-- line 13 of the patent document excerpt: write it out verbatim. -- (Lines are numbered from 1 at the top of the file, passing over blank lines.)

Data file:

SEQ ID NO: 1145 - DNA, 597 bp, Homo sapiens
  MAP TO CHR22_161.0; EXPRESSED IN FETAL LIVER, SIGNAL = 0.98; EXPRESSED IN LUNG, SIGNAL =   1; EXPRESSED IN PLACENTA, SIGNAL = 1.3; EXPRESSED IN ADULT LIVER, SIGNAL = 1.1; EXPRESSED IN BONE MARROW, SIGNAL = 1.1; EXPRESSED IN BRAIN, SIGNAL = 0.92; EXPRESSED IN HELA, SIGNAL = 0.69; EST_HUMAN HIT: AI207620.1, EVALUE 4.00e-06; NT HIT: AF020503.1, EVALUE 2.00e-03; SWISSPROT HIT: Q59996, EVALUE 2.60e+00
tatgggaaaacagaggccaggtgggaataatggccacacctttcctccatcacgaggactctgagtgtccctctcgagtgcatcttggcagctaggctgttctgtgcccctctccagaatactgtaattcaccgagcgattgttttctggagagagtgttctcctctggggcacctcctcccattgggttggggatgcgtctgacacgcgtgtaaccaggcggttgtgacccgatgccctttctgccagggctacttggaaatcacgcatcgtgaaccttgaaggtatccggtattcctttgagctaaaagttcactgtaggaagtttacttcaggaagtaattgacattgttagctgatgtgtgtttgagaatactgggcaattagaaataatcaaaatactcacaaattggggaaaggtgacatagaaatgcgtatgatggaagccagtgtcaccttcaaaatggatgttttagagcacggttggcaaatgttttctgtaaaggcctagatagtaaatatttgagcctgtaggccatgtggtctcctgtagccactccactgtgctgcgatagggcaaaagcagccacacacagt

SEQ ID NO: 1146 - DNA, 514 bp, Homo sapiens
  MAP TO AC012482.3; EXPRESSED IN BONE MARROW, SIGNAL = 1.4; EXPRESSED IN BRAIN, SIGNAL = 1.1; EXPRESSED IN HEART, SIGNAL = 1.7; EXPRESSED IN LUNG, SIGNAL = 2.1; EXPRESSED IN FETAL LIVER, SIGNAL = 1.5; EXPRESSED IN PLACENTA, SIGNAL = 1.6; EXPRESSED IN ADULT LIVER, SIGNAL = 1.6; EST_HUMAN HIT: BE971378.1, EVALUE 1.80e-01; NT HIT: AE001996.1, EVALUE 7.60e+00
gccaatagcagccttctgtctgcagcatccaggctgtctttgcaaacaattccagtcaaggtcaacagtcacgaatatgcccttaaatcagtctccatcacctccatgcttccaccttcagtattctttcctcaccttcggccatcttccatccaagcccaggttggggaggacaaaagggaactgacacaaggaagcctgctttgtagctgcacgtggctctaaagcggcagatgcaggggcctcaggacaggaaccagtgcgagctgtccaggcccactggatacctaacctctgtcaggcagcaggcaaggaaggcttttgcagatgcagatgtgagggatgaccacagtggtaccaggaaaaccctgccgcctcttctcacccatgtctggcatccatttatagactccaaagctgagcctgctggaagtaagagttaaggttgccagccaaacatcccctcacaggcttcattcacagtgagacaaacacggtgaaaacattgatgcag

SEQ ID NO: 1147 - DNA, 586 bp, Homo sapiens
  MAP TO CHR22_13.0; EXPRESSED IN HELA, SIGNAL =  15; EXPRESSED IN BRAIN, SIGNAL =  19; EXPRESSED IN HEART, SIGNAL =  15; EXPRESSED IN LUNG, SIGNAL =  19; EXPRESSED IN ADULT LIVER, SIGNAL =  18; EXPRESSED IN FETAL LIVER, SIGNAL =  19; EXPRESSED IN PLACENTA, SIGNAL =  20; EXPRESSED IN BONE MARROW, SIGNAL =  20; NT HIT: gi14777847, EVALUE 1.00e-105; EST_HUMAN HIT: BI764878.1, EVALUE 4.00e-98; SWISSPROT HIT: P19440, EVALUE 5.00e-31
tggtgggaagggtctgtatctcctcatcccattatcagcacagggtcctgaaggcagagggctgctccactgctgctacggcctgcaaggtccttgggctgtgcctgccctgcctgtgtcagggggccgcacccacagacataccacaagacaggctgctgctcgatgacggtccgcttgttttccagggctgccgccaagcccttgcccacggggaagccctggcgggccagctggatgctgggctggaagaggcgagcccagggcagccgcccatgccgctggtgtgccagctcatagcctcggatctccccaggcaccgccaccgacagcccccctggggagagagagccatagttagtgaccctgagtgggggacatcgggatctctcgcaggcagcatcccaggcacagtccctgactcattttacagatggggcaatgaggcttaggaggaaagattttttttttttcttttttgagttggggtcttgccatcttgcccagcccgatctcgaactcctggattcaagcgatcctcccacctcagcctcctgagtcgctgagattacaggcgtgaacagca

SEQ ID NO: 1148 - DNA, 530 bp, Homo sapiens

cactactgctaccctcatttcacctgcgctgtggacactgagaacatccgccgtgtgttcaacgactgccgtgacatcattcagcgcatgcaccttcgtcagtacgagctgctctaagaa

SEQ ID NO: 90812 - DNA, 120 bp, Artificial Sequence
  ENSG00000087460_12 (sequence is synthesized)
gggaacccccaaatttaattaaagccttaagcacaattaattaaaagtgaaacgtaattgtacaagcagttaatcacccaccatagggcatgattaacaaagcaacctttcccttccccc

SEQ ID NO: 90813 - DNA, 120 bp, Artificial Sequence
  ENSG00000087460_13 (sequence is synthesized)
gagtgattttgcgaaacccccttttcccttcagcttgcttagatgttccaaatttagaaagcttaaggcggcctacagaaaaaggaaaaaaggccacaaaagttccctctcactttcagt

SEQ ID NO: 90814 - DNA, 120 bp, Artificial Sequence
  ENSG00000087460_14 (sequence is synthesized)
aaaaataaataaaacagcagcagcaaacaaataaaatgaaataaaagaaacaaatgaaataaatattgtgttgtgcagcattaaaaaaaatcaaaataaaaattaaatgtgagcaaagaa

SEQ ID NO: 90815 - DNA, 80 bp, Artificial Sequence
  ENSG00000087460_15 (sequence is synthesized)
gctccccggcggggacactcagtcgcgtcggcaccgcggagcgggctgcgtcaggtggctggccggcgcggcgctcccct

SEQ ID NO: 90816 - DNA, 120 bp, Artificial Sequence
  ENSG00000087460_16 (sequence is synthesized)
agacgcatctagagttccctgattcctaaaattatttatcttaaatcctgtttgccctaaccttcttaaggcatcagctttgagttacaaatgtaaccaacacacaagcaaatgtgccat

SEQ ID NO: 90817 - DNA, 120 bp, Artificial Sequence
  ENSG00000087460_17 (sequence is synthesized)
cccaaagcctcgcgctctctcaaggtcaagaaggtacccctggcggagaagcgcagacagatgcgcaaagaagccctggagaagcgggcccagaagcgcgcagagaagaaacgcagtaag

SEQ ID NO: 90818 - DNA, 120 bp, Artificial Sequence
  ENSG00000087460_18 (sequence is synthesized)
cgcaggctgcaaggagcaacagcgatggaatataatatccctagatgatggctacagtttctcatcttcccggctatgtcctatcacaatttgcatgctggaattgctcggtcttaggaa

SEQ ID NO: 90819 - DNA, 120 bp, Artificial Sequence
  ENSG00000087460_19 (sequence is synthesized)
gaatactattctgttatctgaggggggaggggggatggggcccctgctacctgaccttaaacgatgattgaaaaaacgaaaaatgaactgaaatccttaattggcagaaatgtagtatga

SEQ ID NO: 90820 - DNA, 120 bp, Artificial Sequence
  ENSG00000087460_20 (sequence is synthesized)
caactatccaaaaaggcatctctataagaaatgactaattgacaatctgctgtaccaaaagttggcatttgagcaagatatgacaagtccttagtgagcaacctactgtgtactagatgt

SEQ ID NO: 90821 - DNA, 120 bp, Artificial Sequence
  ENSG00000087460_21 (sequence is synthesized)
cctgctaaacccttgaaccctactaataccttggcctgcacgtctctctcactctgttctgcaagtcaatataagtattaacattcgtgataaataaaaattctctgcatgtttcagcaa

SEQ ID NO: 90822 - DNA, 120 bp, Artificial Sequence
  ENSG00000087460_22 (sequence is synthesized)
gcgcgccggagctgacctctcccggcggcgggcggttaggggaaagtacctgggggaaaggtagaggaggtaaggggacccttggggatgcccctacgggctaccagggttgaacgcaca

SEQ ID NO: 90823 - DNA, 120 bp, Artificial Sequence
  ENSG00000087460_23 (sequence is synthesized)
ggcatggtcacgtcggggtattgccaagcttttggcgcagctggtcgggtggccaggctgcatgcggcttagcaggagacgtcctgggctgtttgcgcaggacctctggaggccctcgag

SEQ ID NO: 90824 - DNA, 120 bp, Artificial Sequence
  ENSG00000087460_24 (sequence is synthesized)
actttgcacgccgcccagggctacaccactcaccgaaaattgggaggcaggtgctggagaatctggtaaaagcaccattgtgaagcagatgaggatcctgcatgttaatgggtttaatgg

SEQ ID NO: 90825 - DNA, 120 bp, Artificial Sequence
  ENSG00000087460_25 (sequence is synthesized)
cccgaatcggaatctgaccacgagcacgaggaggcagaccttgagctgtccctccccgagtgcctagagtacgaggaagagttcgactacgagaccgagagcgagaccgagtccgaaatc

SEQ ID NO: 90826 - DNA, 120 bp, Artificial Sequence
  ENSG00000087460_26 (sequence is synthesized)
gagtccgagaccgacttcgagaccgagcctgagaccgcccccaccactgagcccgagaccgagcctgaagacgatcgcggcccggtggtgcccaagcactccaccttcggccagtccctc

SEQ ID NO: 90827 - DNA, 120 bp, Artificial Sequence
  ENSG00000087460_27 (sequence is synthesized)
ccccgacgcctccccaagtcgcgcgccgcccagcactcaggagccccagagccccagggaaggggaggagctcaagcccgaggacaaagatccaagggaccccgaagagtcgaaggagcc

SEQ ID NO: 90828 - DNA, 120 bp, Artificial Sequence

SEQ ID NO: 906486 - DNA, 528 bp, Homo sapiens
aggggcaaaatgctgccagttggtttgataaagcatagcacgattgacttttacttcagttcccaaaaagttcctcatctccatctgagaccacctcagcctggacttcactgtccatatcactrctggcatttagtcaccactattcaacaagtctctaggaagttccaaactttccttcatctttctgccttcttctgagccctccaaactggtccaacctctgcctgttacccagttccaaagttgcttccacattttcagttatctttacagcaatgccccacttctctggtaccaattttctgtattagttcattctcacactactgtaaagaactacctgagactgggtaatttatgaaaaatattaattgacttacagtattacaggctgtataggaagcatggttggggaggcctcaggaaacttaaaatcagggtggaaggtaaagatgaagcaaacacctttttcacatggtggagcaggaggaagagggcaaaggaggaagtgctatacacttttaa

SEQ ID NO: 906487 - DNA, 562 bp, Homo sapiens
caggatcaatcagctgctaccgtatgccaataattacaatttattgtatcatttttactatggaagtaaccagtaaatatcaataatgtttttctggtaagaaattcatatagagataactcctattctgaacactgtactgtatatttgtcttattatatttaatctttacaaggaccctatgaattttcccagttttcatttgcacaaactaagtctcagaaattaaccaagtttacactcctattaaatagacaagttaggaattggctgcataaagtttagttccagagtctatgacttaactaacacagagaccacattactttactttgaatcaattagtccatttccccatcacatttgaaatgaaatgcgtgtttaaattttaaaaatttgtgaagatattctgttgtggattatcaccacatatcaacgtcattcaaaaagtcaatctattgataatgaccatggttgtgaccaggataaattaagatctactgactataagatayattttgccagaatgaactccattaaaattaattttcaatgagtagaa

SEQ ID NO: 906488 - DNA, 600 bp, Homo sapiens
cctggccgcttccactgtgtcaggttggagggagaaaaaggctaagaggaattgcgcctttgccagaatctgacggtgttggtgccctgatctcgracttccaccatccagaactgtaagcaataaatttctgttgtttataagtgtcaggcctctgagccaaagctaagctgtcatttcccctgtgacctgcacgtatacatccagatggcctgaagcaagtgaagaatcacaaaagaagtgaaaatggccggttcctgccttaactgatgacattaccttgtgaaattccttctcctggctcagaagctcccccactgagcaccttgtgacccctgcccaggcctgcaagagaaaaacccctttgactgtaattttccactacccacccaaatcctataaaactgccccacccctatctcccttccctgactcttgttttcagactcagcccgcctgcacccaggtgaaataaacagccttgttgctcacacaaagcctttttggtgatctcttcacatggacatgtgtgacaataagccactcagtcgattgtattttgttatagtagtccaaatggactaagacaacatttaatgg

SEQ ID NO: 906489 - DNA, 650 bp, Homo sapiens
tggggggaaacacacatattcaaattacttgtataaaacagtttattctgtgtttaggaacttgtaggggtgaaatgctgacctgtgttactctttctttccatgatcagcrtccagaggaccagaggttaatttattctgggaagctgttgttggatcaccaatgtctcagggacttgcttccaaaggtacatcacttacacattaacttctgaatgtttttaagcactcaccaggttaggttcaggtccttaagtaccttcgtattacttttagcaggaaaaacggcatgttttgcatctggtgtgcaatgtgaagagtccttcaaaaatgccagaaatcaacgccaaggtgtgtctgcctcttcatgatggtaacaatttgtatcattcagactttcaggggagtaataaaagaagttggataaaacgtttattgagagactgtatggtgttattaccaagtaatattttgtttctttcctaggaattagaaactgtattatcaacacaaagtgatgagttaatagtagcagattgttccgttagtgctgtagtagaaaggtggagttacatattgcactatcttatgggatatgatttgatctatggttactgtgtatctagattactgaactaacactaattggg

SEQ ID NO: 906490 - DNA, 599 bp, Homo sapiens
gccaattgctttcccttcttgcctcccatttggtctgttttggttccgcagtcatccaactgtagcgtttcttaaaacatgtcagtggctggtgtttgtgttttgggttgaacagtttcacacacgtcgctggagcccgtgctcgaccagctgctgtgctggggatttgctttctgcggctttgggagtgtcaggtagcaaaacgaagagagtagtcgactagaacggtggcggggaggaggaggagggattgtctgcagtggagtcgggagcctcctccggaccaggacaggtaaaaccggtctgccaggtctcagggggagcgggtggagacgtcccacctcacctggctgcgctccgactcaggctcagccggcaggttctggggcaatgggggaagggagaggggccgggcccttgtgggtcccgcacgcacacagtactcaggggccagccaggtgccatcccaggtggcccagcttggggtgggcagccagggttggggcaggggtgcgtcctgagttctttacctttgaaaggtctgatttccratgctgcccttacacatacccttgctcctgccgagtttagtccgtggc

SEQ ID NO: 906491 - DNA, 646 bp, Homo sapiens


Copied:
  ENSG00000087460_12 (sequence is synthesized)